While section 204.9 authorized the Board of Pharmacy to require by regulation or otherwise that records be kept relating to the receipt, manufacture, inventory, distribution, etc. of narcotic drugs, it appears that the Board has never in fact made any record keeping requirements with respect to drugs such as are involved in this case.


Prior to his conviction petitioner was a registered pharmacist practicing his profession in the City of Des Moines. The record indicates that in the course of his business he sold substantial quantities of Robitussin and Terpin Hydrate-Codeine without prescriptions, and this he had a right to do under the clear terms of section 204.8(5). It also appears that petitioner in fact kept at least some records revealing the identity of persons purchasing the drugs in question and that he kept some records of his acquisitions of such drugs. However, his records of acquisitions were not complete or, if they were, he did not show a number of invoices to inspectors of the Board who audited his business in 1967, the audit covering the final six months of 1966.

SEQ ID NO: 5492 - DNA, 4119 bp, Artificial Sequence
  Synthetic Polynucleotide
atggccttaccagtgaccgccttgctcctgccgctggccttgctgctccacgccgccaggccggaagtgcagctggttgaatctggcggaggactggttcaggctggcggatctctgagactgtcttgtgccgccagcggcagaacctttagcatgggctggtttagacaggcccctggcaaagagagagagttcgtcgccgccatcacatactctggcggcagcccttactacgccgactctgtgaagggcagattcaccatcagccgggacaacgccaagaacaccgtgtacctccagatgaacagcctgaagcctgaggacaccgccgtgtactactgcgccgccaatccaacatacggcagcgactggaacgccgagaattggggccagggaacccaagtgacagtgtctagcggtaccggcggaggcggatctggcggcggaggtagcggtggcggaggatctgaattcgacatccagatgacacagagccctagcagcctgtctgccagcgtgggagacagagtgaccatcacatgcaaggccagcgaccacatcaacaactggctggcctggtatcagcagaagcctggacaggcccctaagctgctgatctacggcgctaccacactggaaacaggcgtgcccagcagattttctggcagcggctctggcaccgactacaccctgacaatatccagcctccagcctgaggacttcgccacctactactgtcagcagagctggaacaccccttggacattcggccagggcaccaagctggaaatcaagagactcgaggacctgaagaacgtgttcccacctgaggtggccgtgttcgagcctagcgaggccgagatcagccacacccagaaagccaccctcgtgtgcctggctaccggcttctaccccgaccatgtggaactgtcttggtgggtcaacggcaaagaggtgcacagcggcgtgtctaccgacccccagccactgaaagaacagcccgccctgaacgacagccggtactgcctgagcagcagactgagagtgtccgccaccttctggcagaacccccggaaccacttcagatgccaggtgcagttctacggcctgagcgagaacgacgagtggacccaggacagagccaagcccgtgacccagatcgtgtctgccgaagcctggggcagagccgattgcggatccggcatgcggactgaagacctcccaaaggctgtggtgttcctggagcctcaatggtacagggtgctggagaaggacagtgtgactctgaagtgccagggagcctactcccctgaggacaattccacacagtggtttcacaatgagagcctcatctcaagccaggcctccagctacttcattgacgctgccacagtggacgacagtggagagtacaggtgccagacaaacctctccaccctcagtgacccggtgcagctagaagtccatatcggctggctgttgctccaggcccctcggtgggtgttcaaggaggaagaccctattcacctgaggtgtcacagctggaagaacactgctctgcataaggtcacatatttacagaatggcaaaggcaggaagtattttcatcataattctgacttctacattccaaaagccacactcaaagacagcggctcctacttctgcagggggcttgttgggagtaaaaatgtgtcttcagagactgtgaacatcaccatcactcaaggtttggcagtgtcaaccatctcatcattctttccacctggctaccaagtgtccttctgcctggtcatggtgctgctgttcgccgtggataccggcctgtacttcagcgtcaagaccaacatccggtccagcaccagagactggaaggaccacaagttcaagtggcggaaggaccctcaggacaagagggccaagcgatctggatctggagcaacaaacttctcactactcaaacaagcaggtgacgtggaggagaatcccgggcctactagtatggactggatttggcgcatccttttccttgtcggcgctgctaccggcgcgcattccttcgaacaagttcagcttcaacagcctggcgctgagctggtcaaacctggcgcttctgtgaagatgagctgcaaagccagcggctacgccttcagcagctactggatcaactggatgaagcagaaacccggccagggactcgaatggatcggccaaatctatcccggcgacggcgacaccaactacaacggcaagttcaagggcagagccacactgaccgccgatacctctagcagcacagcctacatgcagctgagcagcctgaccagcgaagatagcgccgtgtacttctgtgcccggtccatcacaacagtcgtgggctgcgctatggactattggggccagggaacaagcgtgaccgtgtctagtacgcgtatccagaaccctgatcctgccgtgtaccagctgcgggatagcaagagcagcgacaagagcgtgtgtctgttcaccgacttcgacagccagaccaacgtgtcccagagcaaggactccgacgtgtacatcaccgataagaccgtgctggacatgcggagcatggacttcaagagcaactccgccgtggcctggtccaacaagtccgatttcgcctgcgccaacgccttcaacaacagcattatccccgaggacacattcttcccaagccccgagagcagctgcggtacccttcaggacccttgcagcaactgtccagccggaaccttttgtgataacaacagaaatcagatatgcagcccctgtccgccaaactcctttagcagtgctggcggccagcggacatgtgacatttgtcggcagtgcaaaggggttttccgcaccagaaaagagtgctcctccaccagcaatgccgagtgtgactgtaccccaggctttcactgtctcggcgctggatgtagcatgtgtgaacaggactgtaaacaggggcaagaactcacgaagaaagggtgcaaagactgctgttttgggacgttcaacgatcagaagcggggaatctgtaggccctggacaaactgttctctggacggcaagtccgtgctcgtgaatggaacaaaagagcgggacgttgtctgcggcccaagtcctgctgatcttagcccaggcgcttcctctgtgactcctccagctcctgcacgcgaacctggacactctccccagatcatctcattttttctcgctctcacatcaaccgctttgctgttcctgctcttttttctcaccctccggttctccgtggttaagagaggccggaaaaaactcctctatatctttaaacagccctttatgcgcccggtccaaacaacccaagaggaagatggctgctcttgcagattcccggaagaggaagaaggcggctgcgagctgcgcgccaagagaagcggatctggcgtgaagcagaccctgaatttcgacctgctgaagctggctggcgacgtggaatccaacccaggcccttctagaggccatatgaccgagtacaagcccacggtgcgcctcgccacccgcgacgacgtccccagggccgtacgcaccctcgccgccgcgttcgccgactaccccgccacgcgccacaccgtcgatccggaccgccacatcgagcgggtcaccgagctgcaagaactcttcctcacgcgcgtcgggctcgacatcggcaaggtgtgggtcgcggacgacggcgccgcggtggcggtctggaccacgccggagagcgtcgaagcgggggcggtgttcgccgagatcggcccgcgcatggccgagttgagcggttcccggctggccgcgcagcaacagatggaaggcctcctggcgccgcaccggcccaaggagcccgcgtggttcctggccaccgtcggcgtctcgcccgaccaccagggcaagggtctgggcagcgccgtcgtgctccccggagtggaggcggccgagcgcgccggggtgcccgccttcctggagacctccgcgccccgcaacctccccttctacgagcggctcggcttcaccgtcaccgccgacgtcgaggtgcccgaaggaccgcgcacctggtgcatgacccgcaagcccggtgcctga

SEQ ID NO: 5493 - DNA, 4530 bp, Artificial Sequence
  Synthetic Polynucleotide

As far as the application of Section 204.9 to him is concerned, petitioner argues as he did in the State courts that unless and until the Board of Pharmacy made record keeping requirements with respect to what are at times called "Class X" drugs, he was not required to keep any records relating to his acquisition and sale of such drugs. In that connection he points to the fact that prior to the 1965 amendment to the Iowa statute which became effective in 1966 the law specifically provided that dispensers of exempt drugs must keep records of their receipts and dispositions of such drugs, and that that express requirement was omitted from the 1965 amendment. He also points out that the Board of Pharmacy published a booklet in 1966 entitled: "The Pharmacy Laws of Iowa and Laws, Rules and Regulations of Other Departments Affecting Pharmacy — Opinions of the Attorney General — Director of: Drug Stores, Wholesalers, Manufacturers," which booklet prominently displayed the following notice:




"Exempt Narcotic clarification:


"Preparations containing only one grain or less of Codeine per ounce are exempt under Iowa Law. Preparations containing other Opium derivatives in any amount are not exempt under Iowa law even though they are exempt under Federal Law."